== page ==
Los Angeles Women’s March draws thousands together in support of women’s rights
Signs with jokes, swears, female empowerment slogans and more floated above the heads of about 30,000 people who attended the fourth annual Women’s March in Downtown Los Angeles. (Christine Kao/Daily Bruin)
Jan. 18, 2020 7:40 p.m.
For the fourth time, thousands of Angelenos marched through Downtown on Saturday to show their support for women’s rights.
In addition to the usual signs, ranging from jokes to swears to female empowerment slogans, the favored promotional materials of many marchers touted their 2020 Democratic presidential picks. Others simply called on the public to vote. Marchers also advocated for issues including environmental justice, intersectional feminism, LGTBQ+ rights, immigrant rights, racial justice, anti-war policies and proper compensation for labor unions.
Police on the scene estimated about 30,000 people attended the march. This is significantly lower turnout than in 2017 and 2018, which saw the first and second largest nationwide marches in U.S. history, respectively. Speakers at Saturday’s event included Rep. Maxine Waters, Los Angeles Mayor Eric Garcetti and LGBTQ+ rights activist Caitlyn Jenner.
Despite the smaller crowds, this year’s march attracted a new segment of the population. Several K-12 attendees reported that this was their first march.
Alexis Morales, a high school student from Woodlake, California, said while he is unable to vote in the upcoming election, he is more aware of issues the country faces today than in previous years. He said he plans to use his newfound enthusiasm to get those in his circle to vote.
Frances Muller, a middle school student from Altadena, California, said the march felt important to her, but that it was hard to pinpoint exactly why.
Her sister Grace Muller, who attends an arts high school in Los Angeles, suggested the added importance this year might be because the first Women’s March felt like a reaction to the presidency.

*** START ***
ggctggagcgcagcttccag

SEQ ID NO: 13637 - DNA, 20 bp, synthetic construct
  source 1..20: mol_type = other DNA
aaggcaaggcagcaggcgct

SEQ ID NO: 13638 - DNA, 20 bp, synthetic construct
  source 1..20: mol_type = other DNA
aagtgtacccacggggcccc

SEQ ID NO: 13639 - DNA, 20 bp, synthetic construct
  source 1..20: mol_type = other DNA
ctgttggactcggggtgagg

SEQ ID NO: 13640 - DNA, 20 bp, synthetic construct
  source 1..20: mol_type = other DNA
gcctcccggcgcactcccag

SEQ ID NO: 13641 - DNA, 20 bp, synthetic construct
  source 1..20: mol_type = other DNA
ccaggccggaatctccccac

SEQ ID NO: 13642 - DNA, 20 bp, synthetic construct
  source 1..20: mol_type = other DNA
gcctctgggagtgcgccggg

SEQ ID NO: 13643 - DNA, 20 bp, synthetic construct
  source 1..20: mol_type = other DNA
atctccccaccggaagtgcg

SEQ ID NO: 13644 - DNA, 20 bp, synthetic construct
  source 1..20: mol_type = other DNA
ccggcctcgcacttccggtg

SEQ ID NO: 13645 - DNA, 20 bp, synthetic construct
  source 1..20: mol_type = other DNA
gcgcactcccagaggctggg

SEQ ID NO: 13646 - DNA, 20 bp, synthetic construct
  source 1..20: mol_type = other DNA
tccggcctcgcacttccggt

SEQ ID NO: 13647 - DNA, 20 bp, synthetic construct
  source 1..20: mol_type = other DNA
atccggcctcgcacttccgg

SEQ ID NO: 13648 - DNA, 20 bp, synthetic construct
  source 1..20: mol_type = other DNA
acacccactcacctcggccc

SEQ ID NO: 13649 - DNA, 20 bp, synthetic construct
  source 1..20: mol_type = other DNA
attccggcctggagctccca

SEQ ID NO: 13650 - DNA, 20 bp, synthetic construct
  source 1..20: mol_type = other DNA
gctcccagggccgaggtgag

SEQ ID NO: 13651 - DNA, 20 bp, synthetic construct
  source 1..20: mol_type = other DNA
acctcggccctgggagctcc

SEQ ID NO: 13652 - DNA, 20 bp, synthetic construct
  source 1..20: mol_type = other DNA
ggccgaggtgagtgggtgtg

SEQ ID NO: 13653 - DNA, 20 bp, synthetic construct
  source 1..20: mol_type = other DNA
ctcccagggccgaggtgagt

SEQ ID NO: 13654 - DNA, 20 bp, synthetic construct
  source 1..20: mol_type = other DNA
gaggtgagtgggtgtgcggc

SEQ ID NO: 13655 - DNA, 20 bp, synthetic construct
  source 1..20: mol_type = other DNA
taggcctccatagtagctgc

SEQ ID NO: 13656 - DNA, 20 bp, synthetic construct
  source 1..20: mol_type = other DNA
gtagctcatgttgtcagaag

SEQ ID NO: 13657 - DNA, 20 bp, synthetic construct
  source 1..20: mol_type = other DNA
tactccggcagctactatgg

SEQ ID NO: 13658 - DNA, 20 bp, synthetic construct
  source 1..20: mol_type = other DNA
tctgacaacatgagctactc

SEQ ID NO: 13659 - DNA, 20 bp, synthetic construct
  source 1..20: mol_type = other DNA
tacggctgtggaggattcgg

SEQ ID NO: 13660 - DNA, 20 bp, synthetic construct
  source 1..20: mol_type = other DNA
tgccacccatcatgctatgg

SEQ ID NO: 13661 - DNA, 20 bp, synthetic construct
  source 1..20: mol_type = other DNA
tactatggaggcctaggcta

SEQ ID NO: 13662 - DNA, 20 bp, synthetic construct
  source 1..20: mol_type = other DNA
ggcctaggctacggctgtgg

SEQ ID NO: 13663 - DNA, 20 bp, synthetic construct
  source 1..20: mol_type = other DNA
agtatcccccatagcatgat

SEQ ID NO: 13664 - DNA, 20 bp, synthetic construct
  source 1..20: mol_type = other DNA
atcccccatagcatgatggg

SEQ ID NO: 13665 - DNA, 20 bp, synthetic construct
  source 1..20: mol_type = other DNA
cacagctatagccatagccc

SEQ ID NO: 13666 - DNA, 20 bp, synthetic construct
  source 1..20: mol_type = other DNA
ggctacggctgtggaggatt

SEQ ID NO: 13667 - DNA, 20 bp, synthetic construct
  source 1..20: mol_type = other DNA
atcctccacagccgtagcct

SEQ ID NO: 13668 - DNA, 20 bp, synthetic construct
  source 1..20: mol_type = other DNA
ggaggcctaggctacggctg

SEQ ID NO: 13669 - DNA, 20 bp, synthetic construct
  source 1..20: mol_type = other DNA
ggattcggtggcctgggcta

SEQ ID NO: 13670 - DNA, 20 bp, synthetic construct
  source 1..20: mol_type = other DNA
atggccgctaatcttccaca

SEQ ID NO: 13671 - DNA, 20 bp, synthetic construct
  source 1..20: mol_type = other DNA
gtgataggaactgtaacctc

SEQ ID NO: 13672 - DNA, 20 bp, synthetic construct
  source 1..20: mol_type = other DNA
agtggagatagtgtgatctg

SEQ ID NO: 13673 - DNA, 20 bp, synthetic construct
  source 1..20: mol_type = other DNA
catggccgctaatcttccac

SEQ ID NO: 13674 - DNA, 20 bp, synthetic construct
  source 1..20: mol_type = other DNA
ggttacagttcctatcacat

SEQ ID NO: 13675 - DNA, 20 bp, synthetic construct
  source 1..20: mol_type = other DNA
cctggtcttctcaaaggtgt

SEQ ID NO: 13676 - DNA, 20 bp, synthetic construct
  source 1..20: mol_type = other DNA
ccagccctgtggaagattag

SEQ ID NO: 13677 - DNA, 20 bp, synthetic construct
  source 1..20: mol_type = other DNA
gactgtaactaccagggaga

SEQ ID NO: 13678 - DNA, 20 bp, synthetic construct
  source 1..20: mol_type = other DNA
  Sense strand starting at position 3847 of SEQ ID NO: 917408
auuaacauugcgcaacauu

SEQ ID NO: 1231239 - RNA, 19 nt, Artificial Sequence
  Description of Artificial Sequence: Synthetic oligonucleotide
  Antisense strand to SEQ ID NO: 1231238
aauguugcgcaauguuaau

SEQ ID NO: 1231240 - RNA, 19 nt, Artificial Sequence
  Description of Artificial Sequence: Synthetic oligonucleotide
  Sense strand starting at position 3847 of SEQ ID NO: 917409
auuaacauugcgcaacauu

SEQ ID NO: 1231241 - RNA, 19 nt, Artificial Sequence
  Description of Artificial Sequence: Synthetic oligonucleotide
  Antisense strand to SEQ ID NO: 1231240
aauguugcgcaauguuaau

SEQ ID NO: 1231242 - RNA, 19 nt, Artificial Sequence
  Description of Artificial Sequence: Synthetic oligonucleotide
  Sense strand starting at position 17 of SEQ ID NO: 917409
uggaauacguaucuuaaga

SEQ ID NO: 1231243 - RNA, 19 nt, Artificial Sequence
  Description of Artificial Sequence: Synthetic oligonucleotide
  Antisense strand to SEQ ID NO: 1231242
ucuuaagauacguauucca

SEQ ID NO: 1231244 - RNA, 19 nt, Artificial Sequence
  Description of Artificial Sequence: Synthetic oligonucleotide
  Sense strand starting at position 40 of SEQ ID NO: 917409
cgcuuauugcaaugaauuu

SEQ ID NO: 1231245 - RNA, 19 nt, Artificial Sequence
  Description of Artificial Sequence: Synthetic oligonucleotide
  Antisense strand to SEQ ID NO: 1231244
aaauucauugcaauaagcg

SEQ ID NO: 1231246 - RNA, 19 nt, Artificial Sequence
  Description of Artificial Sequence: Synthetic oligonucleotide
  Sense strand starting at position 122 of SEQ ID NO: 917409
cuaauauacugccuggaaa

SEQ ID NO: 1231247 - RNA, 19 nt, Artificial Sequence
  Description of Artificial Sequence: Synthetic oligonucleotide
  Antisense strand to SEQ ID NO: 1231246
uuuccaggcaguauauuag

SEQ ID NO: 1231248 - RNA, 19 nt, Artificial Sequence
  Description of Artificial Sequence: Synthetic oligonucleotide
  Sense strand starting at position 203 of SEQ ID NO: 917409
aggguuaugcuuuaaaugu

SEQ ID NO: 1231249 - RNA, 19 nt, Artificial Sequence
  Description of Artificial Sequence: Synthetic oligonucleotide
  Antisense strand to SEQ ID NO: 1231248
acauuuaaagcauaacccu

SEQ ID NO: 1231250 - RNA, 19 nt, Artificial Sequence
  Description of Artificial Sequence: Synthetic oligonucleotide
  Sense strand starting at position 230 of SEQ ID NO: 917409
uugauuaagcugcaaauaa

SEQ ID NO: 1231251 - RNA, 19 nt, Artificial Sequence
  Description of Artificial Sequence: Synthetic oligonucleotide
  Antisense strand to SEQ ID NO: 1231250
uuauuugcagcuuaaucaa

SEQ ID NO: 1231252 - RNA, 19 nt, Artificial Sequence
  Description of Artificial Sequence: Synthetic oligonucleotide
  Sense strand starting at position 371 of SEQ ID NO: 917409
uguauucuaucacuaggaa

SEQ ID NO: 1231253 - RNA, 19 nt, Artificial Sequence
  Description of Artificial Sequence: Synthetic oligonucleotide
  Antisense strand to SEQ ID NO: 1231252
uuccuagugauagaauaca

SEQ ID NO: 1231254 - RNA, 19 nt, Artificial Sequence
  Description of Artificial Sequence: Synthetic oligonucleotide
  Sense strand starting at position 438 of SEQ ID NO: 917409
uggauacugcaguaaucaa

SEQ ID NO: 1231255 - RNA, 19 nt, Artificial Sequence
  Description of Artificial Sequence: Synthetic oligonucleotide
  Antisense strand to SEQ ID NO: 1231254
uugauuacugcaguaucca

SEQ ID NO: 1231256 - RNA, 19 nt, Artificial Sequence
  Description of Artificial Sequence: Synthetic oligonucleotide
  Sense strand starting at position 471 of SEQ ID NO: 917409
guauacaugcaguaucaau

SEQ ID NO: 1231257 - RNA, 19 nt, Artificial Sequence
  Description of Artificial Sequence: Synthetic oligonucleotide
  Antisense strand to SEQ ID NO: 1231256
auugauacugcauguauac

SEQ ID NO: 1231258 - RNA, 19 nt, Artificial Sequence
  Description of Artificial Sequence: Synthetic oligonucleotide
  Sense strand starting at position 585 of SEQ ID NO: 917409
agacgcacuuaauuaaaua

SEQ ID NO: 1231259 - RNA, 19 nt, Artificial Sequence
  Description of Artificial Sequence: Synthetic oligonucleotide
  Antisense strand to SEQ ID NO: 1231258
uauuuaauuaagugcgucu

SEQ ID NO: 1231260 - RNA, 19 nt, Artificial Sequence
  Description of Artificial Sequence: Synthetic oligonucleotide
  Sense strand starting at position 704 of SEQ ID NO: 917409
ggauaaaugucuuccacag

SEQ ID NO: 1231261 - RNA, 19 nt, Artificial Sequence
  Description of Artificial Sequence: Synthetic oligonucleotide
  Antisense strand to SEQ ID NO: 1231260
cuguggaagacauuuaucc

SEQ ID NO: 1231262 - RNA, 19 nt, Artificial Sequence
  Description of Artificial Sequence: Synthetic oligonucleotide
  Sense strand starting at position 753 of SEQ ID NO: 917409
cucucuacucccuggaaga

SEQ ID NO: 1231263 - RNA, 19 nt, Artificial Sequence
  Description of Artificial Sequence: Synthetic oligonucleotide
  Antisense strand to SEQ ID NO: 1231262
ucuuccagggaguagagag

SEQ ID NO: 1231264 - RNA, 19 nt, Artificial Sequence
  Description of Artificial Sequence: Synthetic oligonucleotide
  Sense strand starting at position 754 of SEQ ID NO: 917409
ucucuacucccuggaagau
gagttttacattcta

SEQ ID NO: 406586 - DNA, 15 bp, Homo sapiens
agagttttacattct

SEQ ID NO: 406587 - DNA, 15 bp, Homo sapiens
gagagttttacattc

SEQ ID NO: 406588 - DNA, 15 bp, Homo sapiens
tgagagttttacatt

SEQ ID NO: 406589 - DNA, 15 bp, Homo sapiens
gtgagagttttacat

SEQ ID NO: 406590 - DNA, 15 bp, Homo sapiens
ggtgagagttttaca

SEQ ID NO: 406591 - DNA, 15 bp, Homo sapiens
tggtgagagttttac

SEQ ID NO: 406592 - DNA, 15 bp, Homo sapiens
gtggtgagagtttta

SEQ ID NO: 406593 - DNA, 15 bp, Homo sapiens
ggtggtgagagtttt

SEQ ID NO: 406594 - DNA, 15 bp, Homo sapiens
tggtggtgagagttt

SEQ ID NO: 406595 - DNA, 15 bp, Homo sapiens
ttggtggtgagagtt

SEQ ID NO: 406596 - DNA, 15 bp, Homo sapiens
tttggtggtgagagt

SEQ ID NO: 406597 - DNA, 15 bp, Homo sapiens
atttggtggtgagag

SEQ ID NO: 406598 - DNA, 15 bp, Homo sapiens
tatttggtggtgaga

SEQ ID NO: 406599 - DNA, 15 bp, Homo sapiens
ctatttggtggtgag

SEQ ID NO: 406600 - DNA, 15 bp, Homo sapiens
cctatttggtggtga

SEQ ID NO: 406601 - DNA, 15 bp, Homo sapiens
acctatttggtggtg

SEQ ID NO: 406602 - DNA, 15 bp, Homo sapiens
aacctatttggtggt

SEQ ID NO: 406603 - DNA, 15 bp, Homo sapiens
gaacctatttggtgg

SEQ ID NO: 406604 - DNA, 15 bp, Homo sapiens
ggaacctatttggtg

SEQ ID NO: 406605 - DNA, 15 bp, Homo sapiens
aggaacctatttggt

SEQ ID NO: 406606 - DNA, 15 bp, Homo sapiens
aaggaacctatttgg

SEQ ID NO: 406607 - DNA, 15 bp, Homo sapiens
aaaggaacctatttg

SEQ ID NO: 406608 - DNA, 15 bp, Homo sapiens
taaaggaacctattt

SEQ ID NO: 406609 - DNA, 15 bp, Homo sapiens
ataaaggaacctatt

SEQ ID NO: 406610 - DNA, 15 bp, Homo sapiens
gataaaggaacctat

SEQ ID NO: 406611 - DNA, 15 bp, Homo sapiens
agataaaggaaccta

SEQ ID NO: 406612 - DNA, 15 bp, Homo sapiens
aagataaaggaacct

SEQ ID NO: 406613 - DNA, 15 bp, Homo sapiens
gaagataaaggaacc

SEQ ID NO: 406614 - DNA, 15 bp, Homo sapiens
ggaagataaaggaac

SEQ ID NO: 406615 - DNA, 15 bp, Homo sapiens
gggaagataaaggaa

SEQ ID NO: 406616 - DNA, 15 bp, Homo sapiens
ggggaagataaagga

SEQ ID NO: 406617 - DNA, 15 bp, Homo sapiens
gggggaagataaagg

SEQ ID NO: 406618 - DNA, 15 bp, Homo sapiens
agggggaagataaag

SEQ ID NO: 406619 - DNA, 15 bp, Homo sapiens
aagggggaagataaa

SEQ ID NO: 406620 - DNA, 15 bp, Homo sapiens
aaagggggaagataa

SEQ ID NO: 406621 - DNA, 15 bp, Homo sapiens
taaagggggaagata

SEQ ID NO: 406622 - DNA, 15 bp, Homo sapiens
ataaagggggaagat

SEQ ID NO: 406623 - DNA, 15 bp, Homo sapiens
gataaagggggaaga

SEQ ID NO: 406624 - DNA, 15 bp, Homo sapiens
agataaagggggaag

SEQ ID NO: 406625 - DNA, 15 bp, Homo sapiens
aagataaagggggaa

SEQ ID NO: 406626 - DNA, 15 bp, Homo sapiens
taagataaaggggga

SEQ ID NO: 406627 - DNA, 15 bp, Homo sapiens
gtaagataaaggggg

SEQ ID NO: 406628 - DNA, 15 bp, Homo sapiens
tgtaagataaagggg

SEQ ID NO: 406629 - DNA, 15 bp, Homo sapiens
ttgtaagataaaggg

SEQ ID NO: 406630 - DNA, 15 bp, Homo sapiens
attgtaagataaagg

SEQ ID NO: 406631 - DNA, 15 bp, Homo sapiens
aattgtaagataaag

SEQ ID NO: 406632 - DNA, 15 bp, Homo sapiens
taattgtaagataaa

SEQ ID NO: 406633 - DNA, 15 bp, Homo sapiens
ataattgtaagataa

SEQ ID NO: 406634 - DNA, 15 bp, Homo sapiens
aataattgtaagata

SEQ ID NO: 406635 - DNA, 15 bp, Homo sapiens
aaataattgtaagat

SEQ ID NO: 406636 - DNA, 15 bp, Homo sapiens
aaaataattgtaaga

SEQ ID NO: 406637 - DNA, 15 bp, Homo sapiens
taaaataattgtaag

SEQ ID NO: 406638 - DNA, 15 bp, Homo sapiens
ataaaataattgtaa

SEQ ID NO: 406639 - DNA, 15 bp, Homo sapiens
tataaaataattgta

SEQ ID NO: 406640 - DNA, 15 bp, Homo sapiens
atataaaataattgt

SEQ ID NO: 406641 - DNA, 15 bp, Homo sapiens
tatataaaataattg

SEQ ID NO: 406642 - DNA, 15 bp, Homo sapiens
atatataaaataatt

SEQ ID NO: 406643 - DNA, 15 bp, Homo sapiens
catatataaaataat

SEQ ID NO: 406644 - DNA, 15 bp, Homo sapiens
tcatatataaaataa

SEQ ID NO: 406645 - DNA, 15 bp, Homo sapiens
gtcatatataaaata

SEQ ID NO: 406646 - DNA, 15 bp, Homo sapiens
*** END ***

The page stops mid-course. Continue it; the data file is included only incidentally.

“This one can be the last one before change happens,” she said.
Grace Muller, who has attended previous women’s marches, added she felt this year’s event had a bit more of a commercial bent. Vendors dotted the entire march route and surrounding blocks, offering Women’s March-themed merchandise and hot dogs.
One such saleswoman, Josefina Fuentes, said she found that while the crowds drew some profit for her business, she was much more interested in the marchers’ message.
“I’ve always chosen to be at these marches,” Fuentes said. “I support all human beings, if it’s a man, woman, (LGBTQ+ individual). I respect everyone, all kinds of religions, all sexes.”
Fuentes, who prefers to speak Spanish, spoke to the Daily Bruin with the translating help of Women’s March attendee Karla Avila.
Sam Perez, a first-year political science student, said she also believes inclusivity is crucial for the women’s rights movement.
While Perez said she feels the “anyone-can-join” setup of the Women’s March is relatively inclusive, she added marketing for the event may lead people to believe that these marches are dominated by white feminist women.
“That’s why it’s important for us as women of color to be here, to represent,” Perez said. “We can come out and support because not just white feminist women care about the changes that are going to happen to our government.”
Maddie Brady, who has attended several Women’s Marches across the country in the last few years, said she feels these events are more important than ever in light of the 2020 election and changes within the government.
Brady also said she thinks there will always be people in government trying to restrict women’s rights, adding she is concerned about restrictions on abortion and women’s bodily autonomy.
Alongside Saturday’s marchers, counter-protestors shouted through bullhorns about sin and abortion. An anti-abortion march was also scheduled for later Saturday afternoon a few blocks away.
It is Brady’s hope that the country votes President Donald Trump out of office in November, but she added there will be more work and fights ahead, regardless of the election’s outcome.
“We now have four years of cleanup to do,” Brady said.